For an accurate determination of THM concentration in pool water a Gas Chromatograph with a connected mass spectrometer could be used (Stack et al. 2000). However, as no access to such equipment was possible, quick tests for Adsorbable organically bound halogens (AOX) were used.
Sampling and On-site measurements
The samples were collected at KopaliÅ¡Äe Pristan, a local swimming pool, where the water has been chlorinated. The sample was taken on June 20th 2012 at 8.20 AM. The sample was collected in eight 1 dm3 flasks, which were filled to the top and sealed tightly. Otherwise the volatile THM would evaporate and the concentration of halogens in the samples would be too low. On-site pH value, conductivity and temperature were measured.
Characterization of membranes
Two membranes, with area of (80.0 ± 0.1) cm2, were used, a UF membrane and a NF membrane.
Figure : Monomer of polyvinyldienefluoride (Informatzione 2013)The UF membrane used was PVDF 400-PET and was produced by Rotreat GmbH. The membrane is polymeric - polyvinyldienefluoride (Figure 5).C:\Users\TomaÅ¾\Desktop\Å¡ola\MM\EE\dejanski ee\slike2\200px-Polyvinylidenfluorid.svg.png
Figure : Chemical composition of the Nanofiltration membrane (Bauman 2010)The NF membrane used was TFC - thin film composite and was manufactured by SEPRO membranes Inc. (Figure 6). C:\Users\TomaÅ¾\Desktop\Å¡ola\MM\EE\dejanski ee\slike2\nova.jpg
Figure : Schematic representation of the functional device: Memcell RO/NF/UF MCS 80 (ÄŒeplak 2013)The experiment was modeled on the functional device: Memcell RO/NF/UF MCS 80, from the company OSMO Membrane Systems. The device is specially designed for flat membrane separations and allows us to make a model of the real life when using membranes. F:\EE 001.jpg
Figure : Rotreat's Functional device that was used in the research (ÄŒeplak 2013) C:\Users\TomaÅ¾\Desktop\Å¡ola\MM\EE\dejanski ee\slike\u-IMAG0143.jpg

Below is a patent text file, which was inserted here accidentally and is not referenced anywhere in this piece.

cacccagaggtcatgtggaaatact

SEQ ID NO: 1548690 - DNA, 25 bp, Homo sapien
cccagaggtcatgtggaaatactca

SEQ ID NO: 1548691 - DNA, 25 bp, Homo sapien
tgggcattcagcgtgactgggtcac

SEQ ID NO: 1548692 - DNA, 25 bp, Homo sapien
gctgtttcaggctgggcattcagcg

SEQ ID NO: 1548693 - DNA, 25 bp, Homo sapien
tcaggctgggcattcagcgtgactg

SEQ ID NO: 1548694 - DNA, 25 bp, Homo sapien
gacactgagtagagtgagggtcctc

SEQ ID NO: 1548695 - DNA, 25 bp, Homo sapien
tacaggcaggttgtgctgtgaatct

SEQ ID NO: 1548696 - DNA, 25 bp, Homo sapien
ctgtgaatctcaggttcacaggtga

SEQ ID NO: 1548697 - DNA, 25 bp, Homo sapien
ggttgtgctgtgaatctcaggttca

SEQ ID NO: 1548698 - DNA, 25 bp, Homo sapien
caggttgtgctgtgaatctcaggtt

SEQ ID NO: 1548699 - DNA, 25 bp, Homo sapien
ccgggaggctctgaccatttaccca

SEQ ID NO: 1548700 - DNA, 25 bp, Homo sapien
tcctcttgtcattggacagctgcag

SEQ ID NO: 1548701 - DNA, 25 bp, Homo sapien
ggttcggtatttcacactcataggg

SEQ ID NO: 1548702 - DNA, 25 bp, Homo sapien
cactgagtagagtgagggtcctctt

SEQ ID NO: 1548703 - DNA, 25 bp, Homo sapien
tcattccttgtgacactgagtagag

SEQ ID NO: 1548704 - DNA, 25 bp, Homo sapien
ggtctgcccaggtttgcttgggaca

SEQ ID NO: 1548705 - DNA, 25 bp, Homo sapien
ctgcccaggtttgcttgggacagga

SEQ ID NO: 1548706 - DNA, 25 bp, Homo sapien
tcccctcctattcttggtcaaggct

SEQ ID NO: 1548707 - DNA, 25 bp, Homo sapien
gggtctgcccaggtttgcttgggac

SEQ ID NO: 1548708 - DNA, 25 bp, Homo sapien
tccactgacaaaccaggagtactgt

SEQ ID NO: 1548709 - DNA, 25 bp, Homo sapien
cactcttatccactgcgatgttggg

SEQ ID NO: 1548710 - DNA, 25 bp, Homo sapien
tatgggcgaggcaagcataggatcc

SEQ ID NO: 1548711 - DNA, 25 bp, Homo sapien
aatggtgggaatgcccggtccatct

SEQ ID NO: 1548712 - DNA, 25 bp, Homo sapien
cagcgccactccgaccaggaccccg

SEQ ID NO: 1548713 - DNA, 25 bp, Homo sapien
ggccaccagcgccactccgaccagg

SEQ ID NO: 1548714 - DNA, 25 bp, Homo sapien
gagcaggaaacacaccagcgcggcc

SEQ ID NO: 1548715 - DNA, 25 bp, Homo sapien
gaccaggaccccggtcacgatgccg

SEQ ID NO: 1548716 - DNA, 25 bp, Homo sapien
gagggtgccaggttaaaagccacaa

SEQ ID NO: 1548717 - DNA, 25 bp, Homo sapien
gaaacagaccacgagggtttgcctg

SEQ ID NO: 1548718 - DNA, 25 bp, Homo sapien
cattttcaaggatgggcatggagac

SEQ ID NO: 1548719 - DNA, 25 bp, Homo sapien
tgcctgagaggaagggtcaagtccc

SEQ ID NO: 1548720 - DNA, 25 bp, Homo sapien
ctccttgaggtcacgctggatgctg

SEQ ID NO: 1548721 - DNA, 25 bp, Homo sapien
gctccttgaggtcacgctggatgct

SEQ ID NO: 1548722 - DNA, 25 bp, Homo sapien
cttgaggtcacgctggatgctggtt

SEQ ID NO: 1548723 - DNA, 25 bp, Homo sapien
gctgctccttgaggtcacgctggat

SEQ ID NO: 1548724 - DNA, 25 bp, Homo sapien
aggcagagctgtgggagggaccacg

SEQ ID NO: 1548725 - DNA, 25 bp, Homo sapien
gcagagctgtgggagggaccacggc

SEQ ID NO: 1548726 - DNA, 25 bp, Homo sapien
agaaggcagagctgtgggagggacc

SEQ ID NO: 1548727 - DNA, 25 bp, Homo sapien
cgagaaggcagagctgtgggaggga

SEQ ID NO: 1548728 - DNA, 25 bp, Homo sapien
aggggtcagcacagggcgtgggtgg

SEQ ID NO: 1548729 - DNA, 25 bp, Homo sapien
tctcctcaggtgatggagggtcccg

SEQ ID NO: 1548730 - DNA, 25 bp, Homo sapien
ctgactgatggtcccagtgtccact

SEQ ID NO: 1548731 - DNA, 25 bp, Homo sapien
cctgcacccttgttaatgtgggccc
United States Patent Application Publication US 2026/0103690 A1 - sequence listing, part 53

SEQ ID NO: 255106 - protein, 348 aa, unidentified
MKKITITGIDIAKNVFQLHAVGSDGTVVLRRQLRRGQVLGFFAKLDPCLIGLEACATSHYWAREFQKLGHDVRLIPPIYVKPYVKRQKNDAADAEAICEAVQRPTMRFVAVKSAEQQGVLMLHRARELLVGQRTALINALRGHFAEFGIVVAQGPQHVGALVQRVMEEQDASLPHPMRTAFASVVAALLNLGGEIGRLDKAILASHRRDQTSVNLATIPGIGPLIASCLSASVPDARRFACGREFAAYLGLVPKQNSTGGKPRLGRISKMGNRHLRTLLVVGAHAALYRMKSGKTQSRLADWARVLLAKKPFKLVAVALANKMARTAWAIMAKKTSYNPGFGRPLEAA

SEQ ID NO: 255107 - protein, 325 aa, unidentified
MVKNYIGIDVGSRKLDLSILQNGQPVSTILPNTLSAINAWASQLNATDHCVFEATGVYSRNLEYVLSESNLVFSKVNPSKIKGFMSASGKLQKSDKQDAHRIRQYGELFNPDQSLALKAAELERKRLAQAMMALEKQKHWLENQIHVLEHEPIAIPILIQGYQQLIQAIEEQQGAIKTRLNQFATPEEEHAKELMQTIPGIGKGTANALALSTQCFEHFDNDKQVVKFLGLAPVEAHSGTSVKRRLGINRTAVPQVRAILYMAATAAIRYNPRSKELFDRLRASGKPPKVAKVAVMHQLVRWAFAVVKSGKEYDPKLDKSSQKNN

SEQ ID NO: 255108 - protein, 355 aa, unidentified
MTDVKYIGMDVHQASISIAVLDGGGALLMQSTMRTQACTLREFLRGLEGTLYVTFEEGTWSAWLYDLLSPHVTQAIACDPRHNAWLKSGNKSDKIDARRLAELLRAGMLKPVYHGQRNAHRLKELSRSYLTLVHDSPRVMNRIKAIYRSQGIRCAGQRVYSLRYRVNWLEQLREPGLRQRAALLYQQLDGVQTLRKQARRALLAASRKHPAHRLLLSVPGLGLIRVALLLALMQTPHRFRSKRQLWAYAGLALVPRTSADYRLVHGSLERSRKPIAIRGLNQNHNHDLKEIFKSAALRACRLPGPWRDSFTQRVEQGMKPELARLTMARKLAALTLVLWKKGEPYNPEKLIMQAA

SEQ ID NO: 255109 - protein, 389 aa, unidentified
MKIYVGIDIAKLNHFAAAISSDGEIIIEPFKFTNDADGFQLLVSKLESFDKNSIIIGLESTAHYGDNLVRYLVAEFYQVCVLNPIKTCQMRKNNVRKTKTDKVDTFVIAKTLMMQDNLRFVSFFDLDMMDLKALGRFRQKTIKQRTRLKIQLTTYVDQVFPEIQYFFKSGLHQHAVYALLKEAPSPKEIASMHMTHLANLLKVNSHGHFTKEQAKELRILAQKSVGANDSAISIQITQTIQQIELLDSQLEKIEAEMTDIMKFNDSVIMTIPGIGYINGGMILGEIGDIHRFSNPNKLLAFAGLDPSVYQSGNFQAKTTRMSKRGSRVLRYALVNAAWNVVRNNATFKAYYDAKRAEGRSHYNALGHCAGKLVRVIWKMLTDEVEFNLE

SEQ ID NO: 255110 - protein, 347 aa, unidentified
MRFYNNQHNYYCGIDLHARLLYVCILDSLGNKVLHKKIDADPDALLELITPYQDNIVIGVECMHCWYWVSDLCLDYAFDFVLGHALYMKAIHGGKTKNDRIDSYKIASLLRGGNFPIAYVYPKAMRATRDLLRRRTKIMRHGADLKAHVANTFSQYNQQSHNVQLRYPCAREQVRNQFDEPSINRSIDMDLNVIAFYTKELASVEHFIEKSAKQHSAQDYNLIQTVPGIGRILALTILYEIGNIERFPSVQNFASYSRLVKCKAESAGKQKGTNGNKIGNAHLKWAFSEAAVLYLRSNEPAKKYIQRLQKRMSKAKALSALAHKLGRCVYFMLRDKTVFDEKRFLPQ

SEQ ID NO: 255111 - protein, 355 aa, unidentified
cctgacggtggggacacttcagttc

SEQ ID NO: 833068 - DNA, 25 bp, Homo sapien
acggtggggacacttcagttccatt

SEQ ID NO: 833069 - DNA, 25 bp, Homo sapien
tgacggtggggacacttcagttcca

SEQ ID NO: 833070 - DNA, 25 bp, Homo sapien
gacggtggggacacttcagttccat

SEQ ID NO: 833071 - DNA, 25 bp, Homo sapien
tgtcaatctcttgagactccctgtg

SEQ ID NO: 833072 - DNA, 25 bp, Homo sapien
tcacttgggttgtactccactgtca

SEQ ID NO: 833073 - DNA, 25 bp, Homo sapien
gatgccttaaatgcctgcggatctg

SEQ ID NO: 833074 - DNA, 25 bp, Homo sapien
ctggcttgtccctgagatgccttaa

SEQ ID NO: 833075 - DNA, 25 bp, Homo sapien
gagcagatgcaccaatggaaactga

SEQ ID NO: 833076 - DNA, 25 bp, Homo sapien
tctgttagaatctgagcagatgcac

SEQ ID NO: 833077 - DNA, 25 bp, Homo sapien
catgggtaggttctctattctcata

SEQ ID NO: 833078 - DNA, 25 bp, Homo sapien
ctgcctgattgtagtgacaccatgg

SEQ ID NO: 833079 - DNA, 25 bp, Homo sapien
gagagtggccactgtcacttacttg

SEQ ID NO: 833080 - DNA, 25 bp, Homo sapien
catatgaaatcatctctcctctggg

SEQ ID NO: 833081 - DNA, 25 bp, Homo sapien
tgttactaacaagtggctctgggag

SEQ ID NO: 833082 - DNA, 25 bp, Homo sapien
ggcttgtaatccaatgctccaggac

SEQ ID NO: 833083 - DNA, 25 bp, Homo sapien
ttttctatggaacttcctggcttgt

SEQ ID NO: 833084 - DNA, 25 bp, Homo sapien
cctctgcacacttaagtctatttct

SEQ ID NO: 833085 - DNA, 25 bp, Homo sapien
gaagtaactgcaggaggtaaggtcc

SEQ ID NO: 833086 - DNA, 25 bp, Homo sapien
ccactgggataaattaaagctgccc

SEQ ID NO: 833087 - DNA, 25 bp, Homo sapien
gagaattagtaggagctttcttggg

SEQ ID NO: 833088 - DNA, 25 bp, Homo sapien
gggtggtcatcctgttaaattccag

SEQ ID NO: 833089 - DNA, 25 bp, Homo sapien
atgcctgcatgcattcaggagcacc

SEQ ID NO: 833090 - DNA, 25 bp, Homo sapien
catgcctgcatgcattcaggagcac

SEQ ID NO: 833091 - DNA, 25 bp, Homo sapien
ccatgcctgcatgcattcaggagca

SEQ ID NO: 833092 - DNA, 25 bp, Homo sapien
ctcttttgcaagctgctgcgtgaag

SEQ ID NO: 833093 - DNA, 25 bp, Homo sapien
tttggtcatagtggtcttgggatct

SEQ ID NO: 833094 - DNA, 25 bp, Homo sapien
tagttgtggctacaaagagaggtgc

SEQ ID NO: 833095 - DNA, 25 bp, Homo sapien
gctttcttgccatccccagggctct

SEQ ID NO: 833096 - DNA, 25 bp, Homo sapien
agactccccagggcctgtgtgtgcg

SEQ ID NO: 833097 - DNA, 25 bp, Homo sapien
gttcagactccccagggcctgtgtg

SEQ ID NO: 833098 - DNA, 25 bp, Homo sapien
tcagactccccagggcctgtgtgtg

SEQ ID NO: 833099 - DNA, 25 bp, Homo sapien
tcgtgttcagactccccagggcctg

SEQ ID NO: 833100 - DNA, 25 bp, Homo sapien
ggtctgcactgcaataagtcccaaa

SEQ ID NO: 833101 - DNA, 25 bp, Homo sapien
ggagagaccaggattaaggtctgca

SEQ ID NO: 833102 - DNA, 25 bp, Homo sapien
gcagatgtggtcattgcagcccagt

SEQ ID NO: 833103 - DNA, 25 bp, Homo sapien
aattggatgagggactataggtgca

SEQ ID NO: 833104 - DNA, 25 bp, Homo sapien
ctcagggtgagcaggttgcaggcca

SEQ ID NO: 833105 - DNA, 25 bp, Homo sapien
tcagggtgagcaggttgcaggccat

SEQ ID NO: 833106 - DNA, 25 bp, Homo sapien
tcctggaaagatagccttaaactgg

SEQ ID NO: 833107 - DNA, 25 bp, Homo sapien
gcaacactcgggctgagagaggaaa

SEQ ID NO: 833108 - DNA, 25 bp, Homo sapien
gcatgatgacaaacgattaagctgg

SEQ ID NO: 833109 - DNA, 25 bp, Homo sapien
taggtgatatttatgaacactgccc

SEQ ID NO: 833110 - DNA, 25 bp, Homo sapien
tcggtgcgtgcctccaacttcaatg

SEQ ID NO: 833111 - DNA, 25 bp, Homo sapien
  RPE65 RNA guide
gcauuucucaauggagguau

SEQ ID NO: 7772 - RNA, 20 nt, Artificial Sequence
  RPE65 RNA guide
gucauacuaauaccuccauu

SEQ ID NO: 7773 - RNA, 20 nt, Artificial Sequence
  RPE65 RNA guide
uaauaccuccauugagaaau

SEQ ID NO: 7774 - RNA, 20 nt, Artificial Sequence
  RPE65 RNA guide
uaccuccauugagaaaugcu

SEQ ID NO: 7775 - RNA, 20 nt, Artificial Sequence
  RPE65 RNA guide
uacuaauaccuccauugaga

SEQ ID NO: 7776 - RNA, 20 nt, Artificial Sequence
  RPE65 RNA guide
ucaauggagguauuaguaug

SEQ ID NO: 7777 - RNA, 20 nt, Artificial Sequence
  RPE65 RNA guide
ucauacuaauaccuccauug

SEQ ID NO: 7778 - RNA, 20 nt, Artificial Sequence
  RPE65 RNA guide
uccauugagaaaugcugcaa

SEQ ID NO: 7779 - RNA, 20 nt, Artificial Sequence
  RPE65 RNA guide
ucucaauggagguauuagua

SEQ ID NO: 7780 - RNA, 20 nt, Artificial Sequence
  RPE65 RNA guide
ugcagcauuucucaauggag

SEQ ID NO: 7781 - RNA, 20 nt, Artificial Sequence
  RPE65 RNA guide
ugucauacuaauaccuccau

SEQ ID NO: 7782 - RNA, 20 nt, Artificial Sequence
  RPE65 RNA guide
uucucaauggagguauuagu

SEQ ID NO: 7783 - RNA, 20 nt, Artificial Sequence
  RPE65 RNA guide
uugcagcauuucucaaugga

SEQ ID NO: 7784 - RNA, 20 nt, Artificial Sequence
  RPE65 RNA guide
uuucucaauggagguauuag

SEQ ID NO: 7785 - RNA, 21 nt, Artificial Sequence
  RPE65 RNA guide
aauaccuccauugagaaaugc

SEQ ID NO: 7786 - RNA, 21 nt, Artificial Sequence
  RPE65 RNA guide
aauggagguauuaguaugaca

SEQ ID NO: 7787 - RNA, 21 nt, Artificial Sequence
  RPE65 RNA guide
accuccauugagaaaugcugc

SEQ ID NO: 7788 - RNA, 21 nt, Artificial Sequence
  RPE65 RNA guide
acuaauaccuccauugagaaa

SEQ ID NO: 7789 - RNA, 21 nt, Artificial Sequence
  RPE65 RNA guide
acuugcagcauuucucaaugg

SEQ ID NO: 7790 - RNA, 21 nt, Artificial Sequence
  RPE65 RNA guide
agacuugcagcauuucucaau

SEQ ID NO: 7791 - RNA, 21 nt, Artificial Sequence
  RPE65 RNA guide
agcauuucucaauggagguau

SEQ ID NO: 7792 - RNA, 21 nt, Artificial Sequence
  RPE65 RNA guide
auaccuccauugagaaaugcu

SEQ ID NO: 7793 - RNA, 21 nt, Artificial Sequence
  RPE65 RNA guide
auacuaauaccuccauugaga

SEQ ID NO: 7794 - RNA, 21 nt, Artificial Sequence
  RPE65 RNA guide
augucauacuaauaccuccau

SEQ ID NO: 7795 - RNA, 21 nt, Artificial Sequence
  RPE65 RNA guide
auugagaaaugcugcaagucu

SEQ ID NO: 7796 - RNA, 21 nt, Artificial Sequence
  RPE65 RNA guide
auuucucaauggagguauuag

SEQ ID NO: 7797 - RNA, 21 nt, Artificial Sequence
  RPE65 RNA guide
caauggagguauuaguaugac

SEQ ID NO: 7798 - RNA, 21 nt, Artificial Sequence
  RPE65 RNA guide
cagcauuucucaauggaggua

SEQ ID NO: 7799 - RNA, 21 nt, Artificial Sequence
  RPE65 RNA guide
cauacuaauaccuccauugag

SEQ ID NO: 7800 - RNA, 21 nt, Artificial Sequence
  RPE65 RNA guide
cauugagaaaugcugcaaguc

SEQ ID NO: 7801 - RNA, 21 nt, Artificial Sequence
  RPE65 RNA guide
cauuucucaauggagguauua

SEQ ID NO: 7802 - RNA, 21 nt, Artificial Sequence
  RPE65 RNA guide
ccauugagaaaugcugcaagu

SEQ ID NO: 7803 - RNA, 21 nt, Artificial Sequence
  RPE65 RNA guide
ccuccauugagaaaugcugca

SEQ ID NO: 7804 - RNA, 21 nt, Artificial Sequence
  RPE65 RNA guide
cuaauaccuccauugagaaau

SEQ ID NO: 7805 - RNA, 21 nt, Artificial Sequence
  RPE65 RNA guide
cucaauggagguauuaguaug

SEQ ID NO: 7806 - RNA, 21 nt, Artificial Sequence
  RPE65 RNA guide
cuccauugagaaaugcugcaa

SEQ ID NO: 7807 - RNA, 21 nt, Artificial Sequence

For the determination of the nominal molecular weight cut-off (nMWCO), which is the molecular mass at which 90% of the molecules are retained by a particular membrane (as defined by Lee et al. 2002 quoted in Glauner et al. 2005), two sugars were used:
Sugar solutions with the concentration of 2 gmol-1 were prepared and processed by the functional device. We collected samples of the sugar solutions before and after the processing. From these samples we measured the pH value, the Conductivity and temperature of the solutions. We also measured the Total Organic Carbon (TOC), by using LCK 386 quick test for TOC 30-300 mg dm-3 and LCK 387 quick test for TOC 300-3000 mg dm-3, both manufactured by Hach-Lange, which photometrically determine the concentration of carbon in the sample. By measuring the change in TOC concentration we can determine the retention  of each membrane and construct the Retention versus MW graph, from which we can determine the nMWCO.
Pool water analysis
For each membrane 3 dm3 of pool water is taken and processed by either UF or NF membrane. We take samples for the analysis before and after each membrane treatment. Again the pH, conductivity and Temperature are measured. We also measure the average volume, which is processed by a membrane in 30 seconds. From this we can calculate the flux  of a membrane. In addition to the TOC test we also test for the concentration of Adsorbable organically bound halogens (AOX), which is performed by the LCK 390 quick-test for AOX, manufactured by Hach-Lange. By measuring the change in concentration of both TOC and AOX we determine the retention of the membranes when treating swimming pool water. From this we infer the extent to which the membranes are able to remove the dangerous THM from pool waters.